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Big East commissioner Val Ackerman, shown here in 2016, is as happy as anyone with Villanova’s rise.

But the distance between Villanova and the Big East’s other nine teams has in some regards narrowed over time. Villanova did not win the regular-season championship this season; Xavier did. In fact, the Wildcats lost more games to Big East opponents – four, to St. John’s, Butler, Providence, and Creighton – than they had in any previous season since the conference’s realignment. On Monday night, not long before ‘Nova’s 79-62 victory over Michigan in the national-title game, Wright and Ackerman spent a few minutes chatting about how well the Big East’s regular season had prepared Villanova for the postseason.

“Everything we saw from those teams in the Big East,” Wright said, “we saw in this tournament.”

In those teams from the Big East, they also see similar programs with similar profiles, and those shared characteristics are a benefit. Much was made during the tournament of Wright’s recruiting strategy, his search for elite players who are willing to stay in school for more than one year and embrace basketball’s place within the holistic culture of a university. It has become a point of pride within the program that the Wildcats don’t need one-and-dones to thrive. “Would we mind ’em? No. Do we need ’em? No,” said former Villanova player Josh Hart, now a rookie with the Los Angeles Lakers. “We have a blue-blood program – the best program in the country right now with the best coach in the country right now. One-and-done guys don’t win. We’ve got high-character guys who are talented, who want to buy into something bigger than themselves.”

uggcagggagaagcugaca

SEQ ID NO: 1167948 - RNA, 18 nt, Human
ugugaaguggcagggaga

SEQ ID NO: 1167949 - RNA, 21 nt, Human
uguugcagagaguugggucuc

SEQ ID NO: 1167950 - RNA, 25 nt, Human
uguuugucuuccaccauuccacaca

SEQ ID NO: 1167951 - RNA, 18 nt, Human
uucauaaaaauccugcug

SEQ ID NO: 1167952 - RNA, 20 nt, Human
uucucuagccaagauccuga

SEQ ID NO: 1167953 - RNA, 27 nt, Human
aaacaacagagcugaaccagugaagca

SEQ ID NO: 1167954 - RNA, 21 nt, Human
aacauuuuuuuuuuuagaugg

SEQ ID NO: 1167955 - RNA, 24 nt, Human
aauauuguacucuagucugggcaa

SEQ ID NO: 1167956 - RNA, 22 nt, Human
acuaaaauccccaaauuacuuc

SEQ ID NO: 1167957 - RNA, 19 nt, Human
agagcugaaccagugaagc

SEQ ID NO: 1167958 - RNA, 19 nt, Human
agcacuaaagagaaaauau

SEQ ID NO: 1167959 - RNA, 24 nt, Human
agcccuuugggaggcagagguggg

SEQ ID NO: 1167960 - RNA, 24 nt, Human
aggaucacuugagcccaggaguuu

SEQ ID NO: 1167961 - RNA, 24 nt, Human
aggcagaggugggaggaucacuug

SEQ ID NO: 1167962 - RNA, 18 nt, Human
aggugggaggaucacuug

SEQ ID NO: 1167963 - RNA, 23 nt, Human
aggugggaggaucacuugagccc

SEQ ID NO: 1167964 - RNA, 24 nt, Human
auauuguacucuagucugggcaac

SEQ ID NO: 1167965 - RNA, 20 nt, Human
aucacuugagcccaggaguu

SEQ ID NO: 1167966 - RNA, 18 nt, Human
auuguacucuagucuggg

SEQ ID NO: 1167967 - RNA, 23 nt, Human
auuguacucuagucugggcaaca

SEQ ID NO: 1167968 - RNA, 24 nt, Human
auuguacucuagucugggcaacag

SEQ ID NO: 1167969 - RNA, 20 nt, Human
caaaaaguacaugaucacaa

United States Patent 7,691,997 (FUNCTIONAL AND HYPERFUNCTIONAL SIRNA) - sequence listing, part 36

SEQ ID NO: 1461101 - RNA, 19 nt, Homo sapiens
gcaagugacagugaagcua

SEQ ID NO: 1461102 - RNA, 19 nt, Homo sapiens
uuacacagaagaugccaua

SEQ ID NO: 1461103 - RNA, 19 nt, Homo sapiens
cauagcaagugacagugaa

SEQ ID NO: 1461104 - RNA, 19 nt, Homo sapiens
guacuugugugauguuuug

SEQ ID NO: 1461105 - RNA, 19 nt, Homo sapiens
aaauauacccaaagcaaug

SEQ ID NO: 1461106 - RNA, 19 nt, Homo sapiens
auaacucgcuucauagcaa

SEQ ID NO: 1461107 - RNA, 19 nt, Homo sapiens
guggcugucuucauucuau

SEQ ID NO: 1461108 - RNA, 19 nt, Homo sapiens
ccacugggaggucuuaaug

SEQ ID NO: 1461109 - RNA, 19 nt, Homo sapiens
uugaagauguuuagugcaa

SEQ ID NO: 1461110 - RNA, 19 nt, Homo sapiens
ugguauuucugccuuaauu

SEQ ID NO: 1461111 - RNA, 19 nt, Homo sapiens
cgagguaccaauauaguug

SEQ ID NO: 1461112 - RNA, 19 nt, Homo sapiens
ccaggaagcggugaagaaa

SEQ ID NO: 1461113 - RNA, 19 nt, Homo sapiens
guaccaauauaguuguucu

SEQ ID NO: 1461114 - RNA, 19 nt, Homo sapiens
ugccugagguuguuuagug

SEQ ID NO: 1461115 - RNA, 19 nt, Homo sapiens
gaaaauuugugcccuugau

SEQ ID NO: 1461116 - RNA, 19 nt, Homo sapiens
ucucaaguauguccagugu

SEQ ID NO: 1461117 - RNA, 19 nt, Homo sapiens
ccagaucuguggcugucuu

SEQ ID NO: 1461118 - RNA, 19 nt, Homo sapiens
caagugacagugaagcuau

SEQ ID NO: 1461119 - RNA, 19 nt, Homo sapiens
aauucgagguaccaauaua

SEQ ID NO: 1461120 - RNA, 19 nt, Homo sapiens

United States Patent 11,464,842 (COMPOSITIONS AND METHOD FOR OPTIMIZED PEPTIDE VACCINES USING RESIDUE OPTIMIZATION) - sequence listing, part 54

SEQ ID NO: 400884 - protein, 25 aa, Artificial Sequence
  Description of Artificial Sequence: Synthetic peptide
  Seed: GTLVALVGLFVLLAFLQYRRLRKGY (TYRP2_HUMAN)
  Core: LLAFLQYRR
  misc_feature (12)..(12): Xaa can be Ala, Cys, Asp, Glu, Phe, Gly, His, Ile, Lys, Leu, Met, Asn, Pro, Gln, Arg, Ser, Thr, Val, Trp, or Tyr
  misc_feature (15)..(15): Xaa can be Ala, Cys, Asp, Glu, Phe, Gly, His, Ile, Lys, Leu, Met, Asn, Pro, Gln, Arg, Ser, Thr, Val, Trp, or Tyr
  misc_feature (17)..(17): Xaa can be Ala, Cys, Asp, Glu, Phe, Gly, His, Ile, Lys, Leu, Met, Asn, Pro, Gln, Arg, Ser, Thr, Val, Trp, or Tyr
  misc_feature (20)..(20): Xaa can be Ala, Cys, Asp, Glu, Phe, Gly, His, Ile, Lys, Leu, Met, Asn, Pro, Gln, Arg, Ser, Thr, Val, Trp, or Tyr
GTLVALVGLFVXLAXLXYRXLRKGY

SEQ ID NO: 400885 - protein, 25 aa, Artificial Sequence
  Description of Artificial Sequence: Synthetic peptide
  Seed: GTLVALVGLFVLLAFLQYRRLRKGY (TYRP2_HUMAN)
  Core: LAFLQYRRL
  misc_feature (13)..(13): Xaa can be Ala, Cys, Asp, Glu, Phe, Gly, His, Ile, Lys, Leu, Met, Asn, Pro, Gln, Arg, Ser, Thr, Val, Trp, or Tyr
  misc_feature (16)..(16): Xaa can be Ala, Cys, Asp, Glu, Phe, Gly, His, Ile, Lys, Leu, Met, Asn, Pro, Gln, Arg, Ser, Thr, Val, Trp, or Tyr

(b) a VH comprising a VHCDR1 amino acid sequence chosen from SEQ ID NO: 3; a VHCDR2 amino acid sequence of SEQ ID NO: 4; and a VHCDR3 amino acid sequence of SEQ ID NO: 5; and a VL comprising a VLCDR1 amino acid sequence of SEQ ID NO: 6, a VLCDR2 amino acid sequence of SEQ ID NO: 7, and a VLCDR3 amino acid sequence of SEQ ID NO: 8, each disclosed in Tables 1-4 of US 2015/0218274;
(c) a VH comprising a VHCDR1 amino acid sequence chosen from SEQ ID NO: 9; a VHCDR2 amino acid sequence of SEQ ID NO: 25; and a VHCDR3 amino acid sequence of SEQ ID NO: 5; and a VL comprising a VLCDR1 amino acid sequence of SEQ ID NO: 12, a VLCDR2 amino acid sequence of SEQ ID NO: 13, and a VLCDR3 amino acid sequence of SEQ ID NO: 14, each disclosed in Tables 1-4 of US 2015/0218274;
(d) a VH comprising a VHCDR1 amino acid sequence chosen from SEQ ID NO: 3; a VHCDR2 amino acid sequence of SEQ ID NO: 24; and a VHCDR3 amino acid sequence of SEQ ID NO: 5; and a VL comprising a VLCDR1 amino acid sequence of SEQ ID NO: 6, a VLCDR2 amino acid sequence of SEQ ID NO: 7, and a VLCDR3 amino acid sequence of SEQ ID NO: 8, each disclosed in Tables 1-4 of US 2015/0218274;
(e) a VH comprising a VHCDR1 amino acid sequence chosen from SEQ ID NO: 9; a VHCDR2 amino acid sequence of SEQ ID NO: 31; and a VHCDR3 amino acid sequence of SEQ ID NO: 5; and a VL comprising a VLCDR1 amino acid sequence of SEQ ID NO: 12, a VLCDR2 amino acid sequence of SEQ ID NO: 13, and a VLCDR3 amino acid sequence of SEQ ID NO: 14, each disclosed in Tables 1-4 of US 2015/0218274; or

Wright  has mastered this approach – and the salesmanship that accompanies it – but within the conference, the approach is not exclusive to him or Villanova. Since 2014, as the Washington Post recently noted, the Big East has produced just two one-and-done players – a pittance compared to the ACC (15), the Pac-12 (12), the SEC (11), or the Big 12 (seven) and half as many as the Big Ten (four). In an October 2013 interview, just before the Big East’s first post-realignment season, Ackerman billed the conference’s teams as having “that sort of ideology, that coherence of view. It’s about academics and athletics in the right balance.” That description might sound like it belongs on the back of a brochure, but if the conference’s entire ethos is more attractive to a particular kind of athlete with a particular perspective, it makes it easier for Wright to draw the kind of players he’d want to draw anyway.

“It does probably help,” he said. “They want to be at a basketball school. They don’t necessarily need to be at a big state school. They want to be somewhere where basketball is really important, and if you care about what the environment is, you’re going to like the schools, as opposed to, ‘I don’t care where I go. I just want to get there and get out.’ I think they really like the culture of these schools and the competitiveness of this league.

“I don’t think it’s major, but I think it helps. It definitely doesn’t hurt.”